Artists-on-Albums: AOA # 7 (Mark Lesseraux on the “Ambient Paradox” with a Review of Avec Laudenum)

Mark Lesseraux on…

Stars of the Lid - Avec Laudenum

“The Ambient Paradox” with Stars of the Lid’s Avec Laudenum (Sub Rosa, 1999/Kranky, 2002)

In the early 1970s music critic Richard Williams wrote a now infamous review of a John Lennon and Yoko Ono album. The lion’s share of the piece focused on the “experimental” side two of the record. What Williams was not aware of at the time was the fact that the early test pressing he received for review did not have a side two. Instead it contained a twenty minute long test tone (a continuous sine wave) put there by the record company as a means of monitoring equalization levels. Of course Williams was subsequently lambasted in the music press for his error, being accused of all kinds of gullibility and pretension.

In 1996, in his book “A Year With Swollen Appendices”, Brian Eno (who better?) defended Williams saying that not only was it logical to assume that John and Yoko could have released such a track at the time, but also that there was no reason Williams couldn’t have had a legitimate, even a profound listening experience on said day.

Which brings us to the question of the oft-disputed legitimacy of a particular genre of music; a genre whose name was coined by Eno himself: Ambient music.

If rock music consists primarily of decades of variations on an early twentieth century blues progression, then could not ambient music be the product of several decades of variations on something like…a test tone? Ambient’s detractors would have you believe so for sure. I would go them one better though, by asserting that the best ambient music doesn’t shy away from its kinship with sounds like test tones, and that in fact it draws its strength from such kinships. For musicians and listeners who hold a more fundamentalist definition of what proper music is, such an assertion equates to a kind of heresy. “Where is the technique? Where is the melody line? Where is the soul?”, they quip. The trick with ambient music is that in a sense it blurs the line between picture and frame. It functions primarily as an ambit for a diversity of subjective thoughts and imaginings to take place rather than as a dictator of objective scenarios and melodramas. Ambient’s diametric opposite would be pop music, with its lyrical content and emotionally telegraphed melodies, which very definitely aim to particularly define what a listener thinks and feels in its presence. Where pop, rock and classical music are usually linear and illustrative, ambient is always non-linear and impressionistic. If one were to compare ambient music to a particular state of consciousness it would most resemble the semi-sleep state. Semi-sleep being the intermittent state between sleep and waking; that hazy, not quite vigilic realm where dream images co-mingle and vie for dominance with real-time sense perceptions.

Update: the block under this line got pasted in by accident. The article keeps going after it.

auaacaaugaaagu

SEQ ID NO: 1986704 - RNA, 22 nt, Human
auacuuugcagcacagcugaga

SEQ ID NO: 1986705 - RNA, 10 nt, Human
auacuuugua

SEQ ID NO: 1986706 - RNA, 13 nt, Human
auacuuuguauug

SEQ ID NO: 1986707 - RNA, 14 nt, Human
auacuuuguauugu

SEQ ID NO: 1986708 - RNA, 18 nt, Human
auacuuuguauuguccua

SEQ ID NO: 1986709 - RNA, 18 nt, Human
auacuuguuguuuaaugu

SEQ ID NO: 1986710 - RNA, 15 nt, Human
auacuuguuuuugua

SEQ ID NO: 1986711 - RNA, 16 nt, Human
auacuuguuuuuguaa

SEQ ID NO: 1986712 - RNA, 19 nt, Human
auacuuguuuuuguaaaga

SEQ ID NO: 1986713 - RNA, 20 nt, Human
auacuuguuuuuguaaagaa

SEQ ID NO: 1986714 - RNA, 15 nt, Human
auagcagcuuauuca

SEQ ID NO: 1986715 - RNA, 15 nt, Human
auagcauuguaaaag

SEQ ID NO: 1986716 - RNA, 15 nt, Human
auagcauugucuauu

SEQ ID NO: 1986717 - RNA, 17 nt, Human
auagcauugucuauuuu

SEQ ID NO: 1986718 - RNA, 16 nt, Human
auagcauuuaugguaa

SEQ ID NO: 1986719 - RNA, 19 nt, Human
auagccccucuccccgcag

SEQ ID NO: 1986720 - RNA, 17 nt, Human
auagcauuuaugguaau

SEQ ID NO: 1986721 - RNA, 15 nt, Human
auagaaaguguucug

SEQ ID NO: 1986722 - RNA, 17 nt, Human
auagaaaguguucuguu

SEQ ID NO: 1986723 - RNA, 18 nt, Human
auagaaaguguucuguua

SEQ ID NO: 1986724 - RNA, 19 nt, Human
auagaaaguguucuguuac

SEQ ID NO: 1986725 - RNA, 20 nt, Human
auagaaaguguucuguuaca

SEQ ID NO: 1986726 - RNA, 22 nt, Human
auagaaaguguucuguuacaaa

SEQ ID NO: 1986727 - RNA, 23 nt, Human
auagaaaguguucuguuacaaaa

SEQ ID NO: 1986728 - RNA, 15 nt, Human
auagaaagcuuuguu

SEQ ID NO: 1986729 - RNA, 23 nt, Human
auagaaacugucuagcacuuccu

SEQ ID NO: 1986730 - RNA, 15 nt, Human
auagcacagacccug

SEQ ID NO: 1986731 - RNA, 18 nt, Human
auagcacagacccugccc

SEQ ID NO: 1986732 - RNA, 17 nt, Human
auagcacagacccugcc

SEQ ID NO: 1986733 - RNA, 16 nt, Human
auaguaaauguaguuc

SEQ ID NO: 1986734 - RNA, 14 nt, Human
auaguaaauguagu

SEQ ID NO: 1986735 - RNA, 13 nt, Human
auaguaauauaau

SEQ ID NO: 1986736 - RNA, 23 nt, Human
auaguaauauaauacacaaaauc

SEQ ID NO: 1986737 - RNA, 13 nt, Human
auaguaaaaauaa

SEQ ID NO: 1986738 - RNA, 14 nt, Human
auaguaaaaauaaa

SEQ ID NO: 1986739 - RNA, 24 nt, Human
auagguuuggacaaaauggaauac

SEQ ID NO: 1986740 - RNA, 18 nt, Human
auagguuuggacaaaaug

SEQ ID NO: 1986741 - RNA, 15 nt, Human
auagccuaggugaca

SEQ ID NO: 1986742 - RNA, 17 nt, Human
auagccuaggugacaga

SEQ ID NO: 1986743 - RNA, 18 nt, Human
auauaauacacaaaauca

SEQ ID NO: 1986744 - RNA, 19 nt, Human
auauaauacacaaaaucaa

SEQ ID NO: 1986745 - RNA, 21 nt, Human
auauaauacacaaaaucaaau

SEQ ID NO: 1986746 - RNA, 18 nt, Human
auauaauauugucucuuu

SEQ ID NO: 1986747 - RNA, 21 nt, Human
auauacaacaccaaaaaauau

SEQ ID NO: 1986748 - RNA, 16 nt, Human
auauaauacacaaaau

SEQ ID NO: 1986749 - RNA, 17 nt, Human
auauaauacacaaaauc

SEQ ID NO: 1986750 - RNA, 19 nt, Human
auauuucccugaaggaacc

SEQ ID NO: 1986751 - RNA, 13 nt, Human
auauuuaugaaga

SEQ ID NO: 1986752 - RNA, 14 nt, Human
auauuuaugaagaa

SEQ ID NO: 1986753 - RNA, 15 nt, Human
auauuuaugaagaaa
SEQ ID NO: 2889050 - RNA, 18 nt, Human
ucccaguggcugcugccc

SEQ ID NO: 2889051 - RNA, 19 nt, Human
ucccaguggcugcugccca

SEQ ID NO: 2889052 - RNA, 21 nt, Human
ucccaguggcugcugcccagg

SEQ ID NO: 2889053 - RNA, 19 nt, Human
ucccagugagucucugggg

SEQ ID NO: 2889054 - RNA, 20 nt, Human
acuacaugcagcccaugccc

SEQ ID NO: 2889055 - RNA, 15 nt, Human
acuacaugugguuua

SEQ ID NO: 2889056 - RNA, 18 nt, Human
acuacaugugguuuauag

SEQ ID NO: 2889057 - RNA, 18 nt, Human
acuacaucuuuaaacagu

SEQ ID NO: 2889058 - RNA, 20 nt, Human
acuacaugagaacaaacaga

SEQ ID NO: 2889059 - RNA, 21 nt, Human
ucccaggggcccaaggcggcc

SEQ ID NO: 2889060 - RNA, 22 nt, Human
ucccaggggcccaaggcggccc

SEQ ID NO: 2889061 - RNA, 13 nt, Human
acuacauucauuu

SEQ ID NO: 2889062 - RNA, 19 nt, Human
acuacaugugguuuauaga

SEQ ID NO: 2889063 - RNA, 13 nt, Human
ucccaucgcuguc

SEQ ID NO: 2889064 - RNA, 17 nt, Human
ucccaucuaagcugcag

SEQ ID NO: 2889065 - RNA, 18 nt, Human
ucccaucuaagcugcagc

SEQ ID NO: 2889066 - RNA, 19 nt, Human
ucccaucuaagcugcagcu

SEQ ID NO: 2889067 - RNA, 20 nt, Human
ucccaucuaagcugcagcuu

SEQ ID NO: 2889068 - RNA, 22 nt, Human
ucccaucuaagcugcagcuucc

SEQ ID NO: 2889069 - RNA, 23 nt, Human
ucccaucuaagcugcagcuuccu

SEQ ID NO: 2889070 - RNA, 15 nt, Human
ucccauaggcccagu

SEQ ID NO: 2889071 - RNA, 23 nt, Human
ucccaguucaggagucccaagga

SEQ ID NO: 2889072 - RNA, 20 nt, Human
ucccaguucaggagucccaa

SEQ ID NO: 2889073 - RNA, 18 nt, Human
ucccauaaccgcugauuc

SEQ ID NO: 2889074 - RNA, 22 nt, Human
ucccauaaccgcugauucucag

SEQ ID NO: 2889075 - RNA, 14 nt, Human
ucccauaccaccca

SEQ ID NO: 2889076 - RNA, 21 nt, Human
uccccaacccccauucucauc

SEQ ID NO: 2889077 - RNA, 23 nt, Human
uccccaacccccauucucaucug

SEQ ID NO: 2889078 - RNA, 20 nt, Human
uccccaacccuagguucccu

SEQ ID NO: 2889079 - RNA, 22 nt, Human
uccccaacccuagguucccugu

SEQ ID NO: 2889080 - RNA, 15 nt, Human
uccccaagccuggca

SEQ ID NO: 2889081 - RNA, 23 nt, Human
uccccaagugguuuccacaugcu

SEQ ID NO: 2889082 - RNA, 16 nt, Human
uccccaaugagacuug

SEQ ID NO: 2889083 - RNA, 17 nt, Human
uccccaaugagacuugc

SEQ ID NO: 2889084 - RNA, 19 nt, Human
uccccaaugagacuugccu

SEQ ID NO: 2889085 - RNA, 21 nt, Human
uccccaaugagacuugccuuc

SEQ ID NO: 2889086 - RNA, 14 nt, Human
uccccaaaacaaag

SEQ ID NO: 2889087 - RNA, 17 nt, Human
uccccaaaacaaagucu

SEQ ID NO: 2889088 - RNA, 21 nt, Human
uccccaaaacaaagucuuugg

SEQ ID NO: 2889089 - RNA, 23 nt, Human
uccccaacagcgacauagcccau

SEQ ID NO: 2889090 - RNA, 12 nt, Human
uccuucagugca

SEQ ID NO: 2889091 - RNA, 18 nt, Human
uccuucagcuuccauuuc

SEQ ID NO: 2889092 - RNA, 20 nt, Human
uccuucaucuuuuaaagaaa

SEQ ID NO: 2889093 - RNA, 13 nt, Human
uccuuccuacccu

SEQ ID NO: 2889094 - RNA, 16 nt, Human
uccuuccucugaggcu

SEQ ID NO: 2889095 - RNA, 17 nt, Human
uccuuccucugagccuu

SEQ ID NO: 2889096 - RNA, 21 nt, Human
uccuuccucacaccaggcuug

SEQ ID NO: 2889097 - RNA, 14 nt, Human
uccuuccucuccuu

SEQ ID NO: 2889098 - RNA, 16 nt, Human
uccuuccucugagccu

Avec Laudenum by Stars of the Lid (Brian McBride and Adam Wiltzie) puts the listener in this realm as effectively as any record I have heard. The record’s opener “Atomium Part One” begins with a series of what appear to be open chord synthesizer flurries, although they could just as easily be treated guitar emissions. About a minute into the piece the approach gently morphs into a series of hazy, overlapping legato guitar swells; the dark grey and muted blue/green tones swapping spatial positions from background to middleground to foreground, creating a landscape of undulating hues and shifting vantage points.

The pleasantly vertiginous nostalgia of Part One then gives way to a more ominous, foreboding mood, with the slow encroachment of a repeating, distant, siren-like guitar figure in Part Two. This mood continues through to the middle of Part Three, by which time Wiltzie and McBride have constructed a brimming litany of urgent tones that build to a sudden rug pull-out into silence.

And then from the ashes, the slow-motion, phoenix-like one-two punch of “Dust Breeding (1.316)+” and “I Will Surround You” envelop the landscape in a seemingly incongruous, yet ultimately (somehow) symbiotic mix of deathly post-apocalyptic drones and pastorally calm textures.

Throughout the course of the record’s forty-two minute duration, one gets the feeling that the music is playing itself. At the same time one is also aware of SOTL’s keen sense of restraint and their respect for the beauty that ensues when sounds are allowed to flesh themselves out with minimal intervention.

It is this paradoxical interplay of craftsmanship and seeming non-interference which makes Avec Laudenum such a fascinating listen. Perhaps this is the central paradox of ambient music in general: From a technical standpoint, anyone can do it, but very few have the restraint and respect for sounds in and of themselves, to do it well.

Notes on the Artist:

Mark Lesseraux

Mark Lesseraux is a busy, busy man. In addition to his main band, The Citizens, which has released two full-lengths and an EP, Lesseraux has also released a solo album (Low Cool) and recently an ambient CD called Point of Cows under the name The Good Science. Mark Lesseraux’s substantial vocal abilities and keen songwriting make him an artist to watch – whether solo or with one of his projects. Lesseraux is one of those musicians that make you feel there’s even more brewing right under the surface, but there’s plenty of music to sink your teeth into right now:

The Citizens

Mark Lesseraux – Low Cool

The Good Science – Point of Cows